Political dynasties: The family that serves together...
Nov 04, 2020 | 6761 views | 0 0 comments | 887 887 recommendations | email to a friend | print
We realized that as we write this, there is a lot going on in the political world. Voters are turning out to the polls in numbers we haven’t seen in decades to cast their ballot in one of the most consequential elections of our time.

We promise to get to all that next week when the dust settles.

This week, we thought we would return to the undated photo from our archives we ran a couple of issues ago asking readers to help us identify the people and the event.

We received some great information about the man in the light-colored suit in the center, John Sabini. When the former councilman and state senator from Jackson Heights saw that column, he shared his own memories of the event and the men and boys gathered to the left of him.

The man standing next to Sabini is Thomas Raffaele, who is best known as a justice of Queen Supreme Court, but at the time he was attending the ribbon-cutting ceremony as chair of Community Board 3. Standing in front of him is his son, Tommy.

The event was to celebrate renovations to Travers Park, which is located on 34th Avenue between 78th and 79th streets. It is named for Thomas J. Travers, a prominent figure in the community.

Sabini shared with us that the three people standing next to Raffaele are the son, grandson, and great-grandson of Thomas J. Travers!

This week, we are focusing on the man standing all the way to the right and the family political dynasties of New York City politics.

The late Leonard Stavisky represented northeast Queens in the Assembly from 1966 to 1983, and in the State Senate from 1983 to 1999, when he passed away. His wife, Toby Ann Stavisky, has held the seat since.

That means there has been a Stavisky family member serving in Albany for the past 54 years!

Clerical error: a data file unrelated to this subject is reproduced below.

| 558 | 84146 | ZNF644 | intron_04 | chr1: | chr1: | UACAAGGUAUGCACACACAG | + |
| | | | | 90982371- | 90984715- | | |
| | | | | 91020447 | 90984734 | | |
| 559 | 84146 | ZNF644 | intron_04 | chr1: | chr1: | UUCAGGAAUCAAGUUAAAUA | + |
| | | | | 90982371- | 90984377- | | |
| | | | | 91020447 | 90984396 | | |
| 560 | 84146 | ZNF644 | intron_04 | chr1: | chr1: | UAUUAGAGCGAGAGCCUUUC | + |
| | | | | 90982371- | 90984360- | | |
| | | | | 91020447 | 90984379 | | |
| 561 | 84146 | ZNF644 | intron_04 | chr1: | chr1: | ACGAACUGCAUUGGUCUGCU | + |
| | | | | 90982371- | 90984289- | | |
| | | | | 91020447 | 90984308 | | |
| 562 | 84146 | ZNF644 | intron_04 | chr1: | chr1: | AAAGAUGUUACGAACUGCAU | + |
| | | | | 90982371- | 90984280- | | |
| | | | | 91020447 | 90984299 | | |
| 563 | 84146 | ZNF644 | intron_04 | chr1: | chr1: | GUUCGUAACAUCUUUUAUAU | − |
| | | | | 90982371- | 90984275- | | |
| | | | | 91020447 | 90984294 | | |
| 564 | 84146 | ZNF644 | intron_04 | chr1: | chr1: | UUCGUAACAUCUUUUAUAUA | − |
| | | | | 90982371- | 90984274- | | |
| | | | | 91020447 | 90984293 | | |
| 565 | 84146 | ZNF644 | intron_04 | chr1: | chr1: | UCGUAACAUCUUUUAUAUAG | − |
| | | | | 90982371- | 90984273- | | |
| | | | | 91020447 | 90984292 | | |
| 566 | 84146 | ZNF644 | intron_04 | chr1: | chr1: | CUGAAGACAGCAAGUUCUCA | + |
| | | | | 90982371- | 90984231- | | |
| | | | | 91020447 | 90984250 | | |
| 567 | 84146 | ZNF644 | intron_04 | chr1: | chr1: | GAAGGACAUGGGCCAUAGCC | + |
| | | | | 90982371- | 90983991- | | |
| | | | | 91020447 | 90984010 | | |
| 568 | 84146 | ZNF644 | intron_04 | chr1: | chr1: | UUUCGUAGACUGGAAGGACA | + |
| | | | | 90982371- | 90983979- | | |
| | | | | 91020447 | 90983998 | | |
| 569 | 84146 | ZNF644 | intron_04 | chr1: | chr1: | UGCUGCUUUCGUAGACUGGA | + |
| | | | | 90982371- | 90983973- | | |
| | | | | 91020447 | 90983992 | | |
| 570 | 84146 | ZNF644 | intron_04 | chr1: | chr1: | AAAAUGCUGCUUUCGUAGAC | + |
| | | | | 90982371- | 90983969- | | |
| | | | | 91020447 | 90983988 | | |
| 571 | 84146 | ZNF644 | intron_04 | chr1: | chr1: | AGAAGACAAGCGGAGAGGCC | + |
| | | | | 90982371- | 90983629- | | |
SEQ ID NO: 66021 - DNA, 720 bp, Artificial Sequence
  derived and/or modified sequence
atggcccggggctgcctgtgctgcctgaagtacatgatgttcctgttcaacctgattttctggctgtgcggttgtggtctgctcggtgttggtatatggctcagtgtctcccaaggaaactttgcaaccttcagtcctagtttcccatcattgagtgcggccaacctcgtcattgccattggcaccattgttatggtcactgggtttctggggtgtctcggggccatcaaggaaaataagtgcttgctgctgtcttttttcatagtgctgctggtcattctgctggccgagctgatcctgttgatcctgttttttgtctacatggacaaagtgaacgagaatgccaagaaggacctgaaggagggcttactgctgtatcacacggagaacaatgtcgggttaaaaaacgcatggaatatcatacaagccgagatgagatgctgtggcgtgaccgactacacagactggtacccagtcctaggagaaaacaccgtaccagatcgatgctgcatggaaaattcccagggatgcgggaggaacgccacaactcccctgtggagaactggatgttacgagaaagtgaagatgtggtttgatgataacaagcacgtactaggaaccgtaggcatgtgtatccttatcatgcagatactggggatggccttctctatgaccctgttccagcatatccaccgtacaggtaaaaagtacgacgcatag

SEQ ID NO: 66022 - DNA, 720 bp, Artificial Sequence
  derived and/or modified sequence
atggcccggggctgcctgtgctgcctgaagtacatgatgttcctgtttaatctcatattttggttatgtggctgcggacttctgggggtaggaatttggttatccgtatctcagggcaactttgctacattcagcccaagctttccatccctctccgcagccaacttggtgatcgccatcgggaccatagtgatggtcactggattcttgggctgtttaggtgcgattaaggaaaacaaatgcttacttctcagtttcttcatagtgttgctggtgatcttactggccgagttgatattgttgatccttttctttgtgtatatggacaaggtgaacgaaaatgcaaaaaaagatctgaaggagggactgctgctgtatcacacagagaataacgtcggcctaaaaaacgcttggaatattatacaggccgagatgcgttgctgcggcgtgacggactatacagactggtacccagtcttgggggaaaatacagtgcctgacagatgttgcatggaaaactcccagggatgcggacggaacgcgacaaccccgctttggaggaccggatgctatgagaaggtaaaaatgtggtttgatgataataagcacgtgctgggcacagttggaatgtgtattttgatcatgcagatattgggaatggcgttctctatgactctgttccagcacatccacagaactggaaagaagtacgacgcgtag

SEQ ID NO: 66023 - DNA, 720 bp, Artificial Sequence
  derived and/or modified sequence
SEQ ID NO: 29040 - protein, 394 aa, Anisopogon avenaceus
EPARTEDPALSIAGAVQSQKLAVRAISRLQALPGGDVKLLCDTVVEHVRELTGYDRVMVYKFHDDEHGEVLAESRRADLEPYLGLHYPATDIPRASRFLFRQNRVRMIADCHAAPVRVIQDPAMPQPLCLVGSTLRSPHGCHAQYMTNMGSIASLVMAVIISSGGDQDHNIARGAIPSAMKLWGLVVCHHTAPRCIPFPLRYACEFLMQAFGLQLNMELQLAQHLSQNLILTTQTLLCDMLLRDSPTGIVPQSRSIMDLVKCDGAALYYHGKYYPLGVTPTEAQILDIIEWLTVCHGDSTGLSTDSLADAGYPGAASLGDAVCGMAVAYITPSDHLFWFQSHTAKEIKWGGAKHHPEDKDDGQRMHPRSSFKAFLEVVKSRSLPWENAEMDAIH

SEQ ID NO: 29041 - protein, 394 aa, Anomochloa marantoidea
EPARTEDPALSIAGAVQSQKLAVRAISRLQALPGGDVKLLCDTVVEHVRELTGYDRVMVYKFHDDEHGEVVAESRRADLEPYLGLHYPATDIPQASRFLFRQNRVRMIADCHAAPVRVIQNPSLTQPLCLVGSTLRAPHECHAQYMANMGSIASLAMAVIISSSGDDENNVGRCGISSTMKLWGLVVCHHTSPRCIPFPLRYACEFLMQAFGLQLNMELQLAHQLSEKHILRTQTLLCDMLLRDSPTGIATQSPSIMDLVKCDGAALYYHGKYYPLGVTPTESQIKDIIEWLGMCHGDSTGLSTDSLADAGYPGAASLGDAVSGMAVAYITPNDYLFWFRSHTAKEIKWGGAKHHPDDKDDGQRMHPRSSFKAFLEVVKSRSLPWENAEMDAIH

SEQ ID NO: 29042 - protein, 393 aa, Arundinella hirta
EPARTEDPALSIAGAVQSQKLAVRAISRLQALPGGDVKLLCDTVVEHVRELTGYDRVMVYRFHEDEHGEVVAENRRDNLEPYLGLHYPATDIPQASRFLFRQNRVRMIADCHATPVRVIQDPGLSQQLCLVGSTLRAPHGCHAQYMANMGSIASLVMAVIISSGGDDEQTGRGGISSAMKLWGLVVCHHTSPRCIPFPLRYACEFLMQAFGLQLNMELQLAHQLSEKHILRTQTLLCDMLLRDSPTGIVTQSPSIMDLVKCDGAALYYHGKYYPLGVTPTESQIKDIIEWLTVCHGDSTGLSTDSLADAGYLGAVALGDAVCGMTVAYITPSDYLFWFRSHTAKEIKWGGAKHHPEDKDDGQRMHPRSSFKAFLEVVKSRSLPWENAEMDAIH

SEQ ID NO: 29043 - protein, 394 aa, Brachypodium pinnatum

Other notable political families in Queens include the Weprins, with either father Saul or sons David and Mark (sometimes concurrently) consecutively occupying some form of political office from 1971 to 2020, or 49 straight years.

Meanwhile, a Vallone – father Peter Sr. and sone Peter Jr. - held an Astoria City Council seat from 1974 to 2103, when Peter Jr. was term-limited out of office.

That would have ended the Vallone’s consecutive tenure in city politics, but that same year, son Paul was elected to the City Council in Bayside. He will be term-limited out of office and doesn’t seem likely to seek another seat, so the Vallone dynasty looks poised to end at 46 years.

Then there is the Hevesi family of Forest Hills. Father Alan Hevesi was first elected to the Assembly in 1971, where he served until 1993.

He then held the post of city comptroller (1994-2001) and state comptroller (2003-2006). He was forced to resign from the latter post when he was found guilty in a “pay-to-play” scheme involving the New York State Pension Fund.

In 2005, his son Andrew was elected to the Assembly in a special election and has held the seat ever since. That means a member of the Hevesi family has been in office for the last 49 years.

Those are all impressive, but they are still (for now) edged out by one family from Brooklyn, the Steinguts. Father Irwin Steingut’s political career goes back to the days of Tammany Hall and the bad old days of the Democratic political machine.

He was first elected to the Assembly in 1921, representing a district that included Crown Heights, Flatbush, Windsor Terrace, and parts of Kensington, Midwood and Flatlands. He stayed in office until his death in 1952, and for period of that time served as speaker.

He was succeeded by his son. The younger Steingut tried to attain the same heights as his father, and in 1975 finally won the speakership of the legislative body.

A seemingly safe seat thanks to the backing of the powerful Madison Democratic Club, the same club that helped his father first get elected, Stanley was stunned in a primary defeat in 1978 by an opponent who replaced his daughter on the ballot just seven days before the election.

Thus, the Steingut family political dynasty came to end after 57 years.

The Steingut family role in city politics is fascinating. The dynasty began in the days when Democratic bosses ruled the system, but in order to secure the role of speaker in 1975, the younger Steingut made several concessions – including a stipend that allowed members to hire their own independent staff – that many view as the beginning of the end of the influential Democratic machine.

Perhaps their careers are worth a deep dive in the future. If you have interesting information on either Irwin or Stanley Steingut, get in touch at polposition@queensledger.com.
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